I love multi-day races (or ‘active holidays’ as I like to call them) and so far they’ve taken me to Jordan, Ecuador, the Atacama Desert, Patagonia and Bhutan. My first four multi-day races were self-supported (ie you have to carry all your belongings on your back and live on freeze-dried food rations), but last year I was introduced to the joys of supported multi-day racing in Bhutan where you just run with a day pack and a 10kg bag is transported between camps for you. Once you’ve experienced supported multi-day racing, then it’s hard to revert back to freeze-dried food and feeling like a lumbering carthorse running with a heavy pack. I wanted a supported race for this year and several friends had run Al Andalus Ultimate Trail and spoken highly about it; it was really easy logistically from the UK with a short flight to Malaga and then 45 minute transfer to the town of Loja where the race started/finished, and it’s exceptionally good value. The other main selling point for me as a race that is renowned for being hot, it would be a perfect training week for Spartathlon.
Anyone who knows Tom knows him and heat aren’t a good combination, plus he’s concentrating on more mountainous stuff over the summer for Tot Dret, so I planned to go on my own, however the lure of a week running in the sunshine in Spain tempted my friend Rhianon to join me so we signed up together. Rhianon and I had been tent mates in Atacama and Patagonia and I knew there would be nobody better to share a tent with, not least because she shares my love of food and sleeping after a day of racing!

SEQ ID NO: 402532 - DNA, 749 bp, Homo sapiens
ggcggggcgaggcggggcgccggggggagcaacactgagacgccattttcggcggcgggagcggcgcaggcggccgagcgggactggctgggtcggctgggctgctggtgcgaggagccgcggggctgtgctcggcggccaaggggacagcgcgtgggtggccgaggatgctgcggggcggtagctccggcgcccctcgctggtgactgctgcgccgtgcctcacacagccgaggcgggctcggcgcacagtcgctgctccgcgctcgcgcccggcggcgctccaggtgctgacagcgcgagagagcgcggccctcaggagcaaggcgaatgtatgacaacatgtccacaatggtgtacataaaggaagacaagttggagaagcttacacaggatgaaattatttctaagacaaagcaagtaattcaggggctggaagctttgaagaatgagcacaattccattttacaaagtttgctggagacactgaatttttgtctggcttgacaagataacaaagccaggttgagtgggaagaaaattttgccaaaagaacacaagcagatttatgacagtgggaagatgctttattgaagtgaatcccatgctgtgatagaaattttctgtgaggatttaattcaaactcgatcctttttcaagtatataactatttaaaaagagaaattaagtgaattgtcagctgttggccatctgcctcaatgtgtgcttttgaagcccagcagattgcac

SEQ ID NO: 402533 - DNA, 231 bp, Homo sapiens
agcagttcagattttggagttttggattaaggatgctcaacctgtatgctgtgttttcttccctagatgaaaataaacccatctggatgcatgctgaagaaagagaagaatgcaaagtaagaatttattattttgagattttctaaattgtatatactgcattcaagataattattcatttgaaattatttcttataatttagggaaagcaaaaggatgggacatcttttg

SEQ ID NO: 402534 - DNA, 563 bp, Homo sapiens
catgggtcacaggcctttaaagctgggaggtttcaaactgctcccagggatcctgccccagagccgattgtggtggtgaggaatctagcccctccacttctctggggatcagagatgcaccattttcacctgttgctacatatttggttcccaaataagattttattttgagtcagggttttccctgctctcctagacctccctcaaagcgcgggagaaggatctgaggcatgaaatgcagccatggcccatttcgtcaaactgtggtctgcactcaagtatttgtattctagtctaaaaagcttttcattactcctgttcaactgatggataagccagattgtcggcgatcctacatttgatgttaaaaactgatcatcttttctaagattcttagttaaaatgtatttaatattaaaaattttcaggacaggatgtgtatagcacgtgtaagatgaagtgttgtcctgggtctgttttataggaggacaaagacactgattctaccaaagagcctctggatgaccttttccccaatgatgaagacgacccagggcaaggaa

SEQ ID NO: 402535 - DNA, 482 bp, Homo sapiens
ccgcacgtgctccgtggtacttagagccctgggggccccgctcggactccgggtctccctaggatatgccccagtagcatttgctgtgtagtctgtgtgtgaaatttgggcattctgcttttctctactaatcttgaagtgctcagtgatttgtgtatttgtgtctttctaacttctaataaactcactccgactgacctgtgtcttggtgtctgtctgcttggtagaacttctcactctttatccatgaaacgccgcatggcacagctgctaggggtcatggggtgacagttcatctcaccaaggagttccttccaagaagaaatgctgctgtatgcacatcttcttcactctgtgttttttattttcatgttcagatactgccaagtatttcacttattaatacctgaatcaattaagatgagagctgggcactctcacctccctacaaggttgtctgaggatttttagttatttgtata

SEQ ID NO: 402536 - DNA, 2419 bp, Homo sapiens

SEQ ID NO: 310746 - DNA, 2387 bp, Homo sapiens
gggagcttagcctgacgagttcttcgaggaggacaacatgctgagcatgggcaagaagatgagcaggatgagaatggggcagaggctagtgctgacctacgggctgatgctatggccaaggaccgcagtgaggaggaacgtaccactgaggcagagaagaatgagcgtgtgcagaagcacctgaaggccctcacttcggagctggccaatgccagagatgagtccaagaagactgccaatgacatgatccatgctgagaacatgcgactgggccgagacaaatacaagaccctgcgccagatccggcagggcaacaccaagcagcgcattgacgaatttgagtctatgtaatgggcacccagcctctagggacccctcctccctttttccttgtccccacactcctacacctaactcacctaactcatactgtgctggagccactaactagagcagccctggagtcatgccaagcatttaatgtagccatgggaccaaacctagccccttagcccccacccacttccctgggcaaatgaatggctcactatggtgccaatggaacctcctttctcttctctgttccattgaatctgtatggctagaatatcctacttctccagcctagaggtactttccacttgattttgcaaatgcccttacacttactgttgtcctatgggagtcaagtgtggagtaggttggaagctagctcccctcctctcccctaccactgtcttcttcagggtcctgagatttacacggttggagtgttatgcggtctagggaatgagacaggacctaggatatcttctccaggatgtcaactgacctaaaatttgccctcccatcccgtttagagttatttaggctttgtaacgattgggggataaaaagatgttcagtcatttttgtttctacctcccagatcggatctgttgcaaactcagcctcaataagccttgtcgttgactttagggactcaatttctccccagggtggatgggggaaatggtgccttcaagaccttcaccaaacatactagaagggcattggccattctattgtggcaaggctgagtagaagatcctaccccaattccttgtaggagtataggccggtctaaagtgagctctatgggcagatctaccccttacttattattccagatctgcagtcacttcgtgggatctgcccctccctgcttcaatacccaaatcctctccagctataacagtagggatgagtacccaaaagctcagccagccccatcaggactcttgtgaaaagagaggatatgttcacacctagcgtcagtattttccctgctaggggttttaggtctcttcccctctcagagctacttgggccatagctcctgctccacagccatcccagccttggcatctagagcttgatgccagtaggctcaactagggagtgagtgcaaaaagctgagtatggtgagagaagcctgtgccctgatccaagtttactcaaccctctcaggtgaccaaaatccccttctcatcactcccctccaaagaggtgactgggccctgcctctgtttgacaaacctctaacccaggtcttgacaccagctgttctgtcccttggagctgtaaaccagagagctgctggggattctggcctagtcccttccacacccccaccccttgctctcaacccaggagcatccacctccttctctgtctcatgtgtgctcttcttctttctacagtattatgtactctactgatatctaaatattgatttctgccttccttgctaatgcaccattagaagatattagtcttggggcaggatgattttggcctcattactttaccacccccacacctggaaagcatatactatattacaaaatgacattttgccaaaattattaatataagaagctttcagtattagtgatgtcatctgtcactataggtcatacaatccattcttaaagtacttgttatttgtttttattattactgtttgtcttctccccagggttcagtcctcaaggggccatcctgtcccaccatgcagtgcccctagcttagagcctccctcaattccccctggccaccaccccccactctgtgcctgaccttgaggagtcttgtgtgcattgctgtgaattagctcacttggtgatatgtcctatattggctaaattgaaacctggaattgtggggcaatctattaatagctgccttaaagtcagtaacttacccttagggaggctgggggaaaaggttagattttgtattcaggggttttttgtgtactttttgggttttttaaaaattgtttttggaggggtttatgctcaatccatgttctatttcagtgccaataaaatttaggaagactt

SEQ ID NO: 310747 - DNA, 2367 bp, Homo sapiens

Fortunately the massively swollen leg which curtailed my Basel 24 hours at 20 hours was nothing more than a swollen bursa which meant I was back running in a week. I knew from the first 20 hours of Basel, I was in a good place fitness-wise, my only worry was that I’d done so much flat running this year that I didn’t feel that strong on hills. However Ian has an incredible way of getting the best out of me in the time we have, so I had an intensive 4 week crash course getting some hills back into my legs, and by the time the race came round I was feeling like I could give the race a good innings. I averaged about 80 miles and 10,000 feet per week in the 4 weeks before the race and moved all my runs off-road, and probably the key thing for me getting quickly back into hilly shape was doing all my speedwork sessions on trails.
I’ve always coped pretty fine in the heat before when racing, but we started introducing some heat acclimatisation into my training as it’s something I’ll be doing for Spartathlon and we wanted to see how I responded to it. I have done a couple of hot yoga classes a week for years, which I find really helps become accustomed to exercising in the heat, and I also started doing two to three sauna sessions a week after a run.
I’d had a sneaky look at the competitor list and DUV Statistiks told me that there were probably four women who could win the race, so I was targeting a finish three finish, but most importantly I just wanted five good days of running after a bumpy few months of running earlier this year with anaemia to prove to myself that I was back on track for Spartathlon.
Rhianon and I arrived on a Saturday and mainly spent the two days before the race started culling items from my 10kg drop bag and then giving them a reprieve. After being so restricted in self-supported multi-day racing, I’d gone completely the other way and had a different outfit for every day, enough food to cater for myself and anyone else who was running short, and for some reason a family size pack of baby wipes (despite there being showers at all camps!). The baby wipes and some food were culled but the five different running outfits blatantly stayed!